Tail barring: As noted above, the tail of Feraandina's flicker is barred and has no black area. The nearest it comes to a black-tipped tail is the partial merger of the last two or three bars of the central rectrices in a few specimens (e.g., USNM 453930), in which the bars are joined slightly along the rhachis. Bars vary slightly in depth, and the number per feather varies from 11 to 19. A few individuals show slight tendencies for several bars to break up near the rhachis, forming a short streak.
Nuchal patch: No female fernandinae shows traces of a red nuchal patch, but 5 males exhibit slight indications of red suggesting that the ancestors of fernandinae had nuchal patches, as do most members of the genus Colaptes and the closely related genus Piculus.
Throat color: The throat region bears feathers with black central streaks bordered by white outer margins. The streaks are broadest to the sides and rear and narrowest anteriorly. They become constricted in feathers of the lower throat, where they give way to spots and then bars. As noted above, the malar region of females is streaked and not distinctly separated from the throat.
Color of ear coverts: The ear coverts vary from cinnamon to buffy white. They tend to be more cinnamon, approaching rufous posteriorly, and more buffy white anteriorly, much as in Colaptes rupicola. The rear edge of the auriculars may be slightly or even moderately streaked like the crown. No sexual difference is manifest.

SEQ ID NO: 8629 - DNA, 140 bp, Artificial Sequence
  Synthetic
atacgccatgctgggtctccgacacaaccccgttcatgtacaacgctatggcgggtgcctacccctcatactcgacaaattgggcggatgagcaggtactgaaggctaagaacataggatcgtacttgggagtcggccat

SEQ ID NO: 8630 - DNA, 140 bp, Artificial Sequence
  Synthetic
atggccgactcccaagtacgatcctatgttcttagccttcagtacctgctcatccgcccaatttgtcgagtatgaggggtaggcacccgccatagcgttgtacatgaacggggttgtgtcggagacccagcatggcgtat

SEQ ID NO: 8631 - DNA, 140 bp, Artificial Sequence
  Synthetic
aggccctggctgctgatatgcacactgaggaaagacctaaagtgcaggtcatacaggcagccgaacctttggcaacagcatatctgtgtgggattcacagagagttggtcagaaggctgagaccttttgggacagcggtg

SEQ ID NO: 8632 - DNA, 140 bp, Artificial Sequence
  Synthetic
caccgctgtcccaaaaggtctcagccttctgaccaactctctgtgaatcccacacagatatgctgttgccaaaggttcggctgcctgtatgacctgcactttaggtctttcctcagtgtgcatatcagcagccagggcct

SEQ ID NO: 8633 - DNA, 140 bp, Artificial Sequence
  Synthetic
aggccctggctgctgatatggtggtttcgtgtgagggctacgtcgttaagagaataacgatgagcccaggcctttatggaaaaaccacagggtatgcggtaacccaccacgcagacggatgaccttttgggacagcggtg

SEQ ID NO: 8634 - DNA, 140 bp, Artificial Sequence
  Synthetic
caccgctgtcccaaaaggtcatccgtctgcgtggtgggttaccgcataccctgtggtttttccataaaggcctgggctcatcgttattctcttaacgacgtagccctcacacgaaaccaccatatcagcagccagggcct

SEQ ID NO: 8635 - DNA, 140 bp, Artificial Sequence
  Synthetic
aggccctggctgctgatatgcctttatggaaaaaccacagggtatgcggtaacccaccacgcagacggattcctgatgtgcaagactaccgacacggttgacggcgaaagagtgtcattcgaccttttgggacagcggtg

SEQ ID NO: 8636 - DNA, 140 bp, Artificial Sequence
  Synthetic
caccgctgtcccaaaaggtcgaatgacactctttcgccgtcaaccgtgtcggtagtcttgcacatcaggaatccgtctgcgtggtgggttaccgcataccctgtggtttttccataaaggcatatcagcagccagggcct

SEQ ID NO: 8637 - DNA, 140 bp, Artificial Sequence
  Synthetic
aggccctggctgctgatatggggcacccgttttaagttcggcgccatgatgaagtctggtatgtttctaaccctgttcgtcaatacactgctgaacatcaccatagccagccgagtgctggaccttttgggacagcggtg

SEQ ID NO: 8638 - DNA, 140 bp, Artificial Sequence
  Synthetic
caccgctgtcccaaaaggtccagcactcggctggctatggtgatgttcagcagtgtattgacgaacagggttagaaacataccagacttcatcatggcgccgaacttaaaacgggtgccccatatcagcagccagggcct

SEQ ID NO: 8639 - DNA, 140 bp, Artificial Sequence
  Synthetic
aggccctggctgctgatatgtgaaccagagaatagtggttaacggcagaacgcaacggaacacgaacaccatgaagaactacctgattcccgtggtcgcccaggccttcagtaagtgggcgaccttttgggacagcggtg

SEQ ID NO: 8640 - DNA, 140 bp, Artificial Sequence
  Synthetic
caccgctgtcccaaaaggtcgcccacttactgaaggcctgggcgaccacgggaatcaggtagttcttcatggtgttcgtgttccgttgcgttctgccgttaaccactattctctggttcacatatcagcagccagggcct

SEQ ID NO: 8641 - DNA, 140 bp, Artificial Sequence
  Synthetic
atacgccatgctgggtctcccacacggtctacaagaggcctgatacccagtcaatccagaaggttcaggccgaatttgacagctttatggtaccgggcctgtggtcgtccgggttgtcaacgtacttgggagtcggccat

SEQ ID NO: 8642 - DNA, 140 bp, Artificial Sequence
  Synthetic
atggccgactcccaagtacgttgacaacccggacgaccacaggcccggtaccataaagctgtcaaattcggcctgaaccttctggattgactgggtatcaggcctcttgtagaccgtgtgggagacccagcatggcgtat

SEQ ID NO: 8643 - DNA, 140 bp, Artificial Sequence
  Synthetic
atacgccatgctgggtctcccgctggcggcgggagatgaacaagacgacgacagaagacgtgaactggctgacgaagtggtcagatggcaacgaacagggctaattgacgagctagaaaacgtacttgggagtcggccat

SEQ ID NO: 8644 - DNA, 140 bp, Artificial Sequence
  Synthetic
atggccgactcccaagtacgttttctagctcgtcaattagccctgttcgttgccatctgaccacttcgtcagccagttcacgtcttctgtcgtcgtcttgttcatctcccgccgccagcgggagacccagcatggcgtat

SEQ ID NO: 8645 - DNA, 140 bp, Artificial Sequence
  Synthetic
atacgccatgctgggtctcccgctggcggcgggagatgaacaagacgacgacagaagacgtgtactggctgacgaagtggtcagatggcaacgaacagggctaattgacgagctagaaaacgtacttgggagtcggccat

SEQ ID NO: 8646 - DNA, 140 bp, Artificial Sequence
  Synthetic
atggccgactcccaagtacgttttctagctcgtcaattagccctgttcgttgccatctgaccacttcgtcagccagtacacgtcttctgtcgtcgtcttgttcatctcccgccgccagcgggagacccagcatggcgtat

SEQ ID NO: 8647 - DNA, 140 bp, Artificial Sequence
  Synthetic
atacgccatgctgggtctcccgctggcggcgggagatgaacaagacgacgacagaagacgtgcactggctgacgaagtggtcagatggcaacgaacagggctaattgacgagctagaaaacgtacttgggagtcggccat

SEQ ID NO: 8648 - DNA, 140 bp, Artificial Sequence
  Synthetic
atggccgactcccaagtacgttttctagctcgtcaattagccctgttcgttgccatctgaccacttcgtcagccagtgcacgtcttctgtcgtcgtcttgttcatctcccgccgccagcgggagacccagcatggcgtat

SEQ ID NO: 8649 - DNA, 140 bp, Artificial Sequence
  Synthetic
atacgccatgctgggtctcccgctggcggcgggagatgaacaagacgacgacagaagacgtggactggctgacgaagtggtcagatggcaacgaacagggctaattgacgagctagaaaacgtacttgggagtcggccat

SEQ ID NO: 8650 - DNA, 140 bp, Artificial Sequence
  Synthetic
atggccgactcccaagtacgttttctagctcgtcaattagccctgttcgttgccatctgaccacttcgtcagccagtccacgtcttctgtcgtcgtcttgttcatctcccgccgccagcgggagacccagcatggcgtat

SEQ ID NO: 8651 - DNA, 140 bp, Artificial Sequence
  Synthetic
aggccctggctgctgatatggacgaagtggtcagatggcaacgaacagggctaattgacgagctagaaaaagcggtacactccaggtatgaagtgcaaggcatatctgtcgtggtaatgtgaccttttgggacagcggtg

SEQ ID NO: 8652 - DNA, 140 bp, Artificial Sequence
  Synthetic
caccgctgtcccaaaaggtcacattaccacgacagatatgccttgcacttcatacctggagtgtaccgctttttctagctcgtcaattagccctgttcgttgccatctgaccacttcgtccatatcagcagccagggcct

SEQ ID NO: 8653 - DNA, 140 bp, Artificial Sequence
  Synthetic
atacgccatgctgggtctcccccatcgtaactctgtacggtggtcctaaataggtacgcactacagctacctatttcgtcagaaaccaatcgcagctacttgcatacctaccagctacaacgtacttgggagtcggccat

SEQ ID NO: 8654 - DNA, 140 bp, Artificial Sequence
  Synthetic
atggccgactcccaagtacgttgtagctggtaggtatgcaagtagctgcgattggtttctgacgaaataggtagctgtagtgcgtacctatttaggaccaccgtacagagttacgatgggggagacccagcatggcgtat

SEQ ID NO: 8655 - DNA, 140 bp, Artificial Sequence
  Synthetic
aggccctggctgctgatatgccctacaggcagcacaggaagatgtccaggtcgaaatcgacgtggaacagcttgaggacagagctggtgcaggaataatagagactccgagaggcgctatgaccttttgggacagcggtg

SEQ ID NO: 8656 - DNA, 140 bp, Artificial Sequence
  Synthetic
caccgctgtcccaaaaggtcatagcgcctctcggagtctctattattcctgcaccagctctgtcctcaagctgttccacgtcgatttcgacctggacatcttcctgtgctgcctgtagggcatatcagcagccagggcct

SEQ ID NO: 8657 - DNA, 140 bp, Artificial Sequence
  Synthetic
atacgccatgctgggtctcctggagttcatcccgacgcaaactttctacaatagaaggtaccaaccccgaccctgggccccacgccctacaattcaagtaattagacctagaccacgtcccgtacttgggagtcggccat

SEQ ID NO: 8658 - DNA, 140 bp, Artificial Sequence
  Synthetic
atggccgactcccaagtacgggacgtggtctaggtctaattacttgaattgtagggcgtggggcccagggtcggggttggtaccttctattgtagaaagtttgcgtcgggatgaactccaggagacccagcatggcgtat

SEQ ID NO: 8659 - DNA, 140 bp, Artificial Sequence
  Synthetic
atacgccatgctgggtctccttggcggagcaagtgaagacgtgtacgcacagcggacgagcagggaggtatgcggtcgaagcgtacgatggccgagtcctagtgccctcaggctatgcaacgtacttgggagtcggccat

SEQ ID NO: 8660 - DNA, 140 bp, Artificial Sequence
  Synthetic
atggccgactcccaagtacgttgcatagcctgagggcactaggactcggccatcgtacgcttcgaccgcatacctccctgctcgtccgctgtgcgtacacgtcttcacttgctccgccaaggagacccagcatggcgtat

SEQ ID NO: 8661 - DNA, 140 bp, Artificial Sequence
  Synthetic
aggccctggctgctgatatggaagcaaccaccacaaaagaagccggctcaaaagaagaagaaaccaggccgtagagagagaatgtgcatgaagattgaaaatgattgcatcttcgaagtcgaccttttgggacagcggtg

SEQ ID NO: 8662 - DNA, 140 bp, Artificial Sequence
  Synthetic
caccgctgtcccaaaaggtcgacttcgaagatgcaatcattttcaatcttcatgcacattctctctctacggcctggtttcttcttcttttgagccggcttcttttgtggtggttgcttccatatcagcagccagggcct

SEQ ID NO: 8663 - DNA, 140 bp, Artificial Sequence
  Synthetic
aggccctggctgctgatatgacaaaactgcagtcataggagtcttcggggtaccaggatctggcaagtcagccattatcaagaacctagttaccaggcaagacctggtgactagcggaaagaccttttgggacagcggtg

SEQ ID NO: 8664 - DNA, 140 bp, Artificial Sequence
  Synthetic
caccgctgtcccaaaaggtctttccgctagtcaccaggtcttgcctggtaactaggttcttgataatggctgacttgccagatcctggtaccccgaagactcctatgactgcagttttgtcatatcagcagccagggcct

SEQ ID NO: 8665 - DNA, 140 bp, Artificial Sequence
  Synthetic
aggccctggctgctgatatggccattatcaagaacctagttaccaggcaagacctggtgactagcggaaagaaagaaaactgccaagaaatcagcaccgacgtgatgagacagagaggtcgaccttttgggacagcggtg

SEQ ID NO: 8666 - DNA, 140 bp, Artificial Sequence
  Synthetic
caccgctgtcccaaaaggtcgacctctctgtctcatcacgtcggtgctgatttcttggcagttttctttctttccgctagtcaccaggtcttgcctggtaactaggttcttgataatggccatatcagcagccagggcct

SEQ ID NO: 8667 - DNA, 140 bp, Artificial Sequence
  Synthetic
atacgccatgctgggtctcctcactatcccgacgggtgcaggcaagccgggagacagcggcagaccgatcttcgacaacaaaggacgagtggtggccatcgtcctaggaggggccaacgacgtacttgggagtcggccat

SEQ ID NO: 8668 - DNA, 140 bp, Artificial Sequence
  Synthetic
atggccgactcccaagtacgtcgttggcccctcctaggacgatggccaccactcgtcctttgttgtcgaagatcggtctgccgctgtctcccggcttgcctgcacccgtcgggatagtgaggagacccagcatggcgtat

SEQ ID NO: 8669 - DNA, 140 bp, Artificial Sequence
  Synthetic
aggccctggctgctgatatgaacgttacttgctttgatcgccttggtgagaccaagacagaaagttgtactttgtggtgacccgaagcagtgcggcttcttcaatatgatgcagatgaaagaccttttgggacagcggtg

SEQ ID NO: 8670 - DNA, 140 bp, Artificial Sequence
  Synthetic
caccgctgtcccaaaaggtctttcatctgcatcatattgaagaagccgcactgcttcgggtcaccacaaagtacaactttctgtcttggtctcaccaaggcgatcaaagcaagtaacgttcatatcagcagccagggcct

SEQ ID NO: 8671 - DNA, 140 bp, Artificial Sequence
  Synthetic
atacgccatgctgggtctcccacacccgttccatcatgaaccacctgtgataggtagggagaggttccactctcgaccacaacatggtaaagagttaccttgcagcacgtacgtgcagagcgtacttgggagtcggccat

Color of under wings and tail: The flight feathers and the body feathers as well are strongly yellow-shafted. The upper sides of the flight feather shafts are dark, as they are partially in Colaptes pitius. Although the under wing surface is barred more strongly than in C. auratus and the tail is heavily barred, the lower surfaces of the wing and tail have enough yellow in the feather barbs and shafts to present a bright yellow surface in displays. Three of 30 adults show yellow-orange shaft color (score = .5); the others are light lemon yellow. No sexual difference in shaft color is apparent. The under wing coverts below the "wrist", usually spotted or spot-barred in auratus, are finely barred in fernandinae.
Crown color: The crown of fernandinae ranges from dark cinnamon-chestnut through light cinnamon to pale buffy white. This considerable variation is associated with variation in color of the posterior ear coverts. The crown is streaked with black along the feather shafts. These streaks vary considerably in width, the broader ones

generally occurring in individuals with paler crown color. They occasionally form streak-spots by reduction of the black color in the central portion of the crown feather shafts. Posteriorly the central black areas along the feather shafts gradually lessen in extent and the feathers become tipped with black. Across a few rows of feathers these black tips become bars, and then the nape feathers give way to the barred back feathers. No sexual differences in crown color were noted, nor any apparent geographical variation. Although the streaked cinnamon crown of fernandinae is unique in Colaptes several species (loricatus, grammicus, undatus) of the related genus Celeus exhibit similar crown color and markings.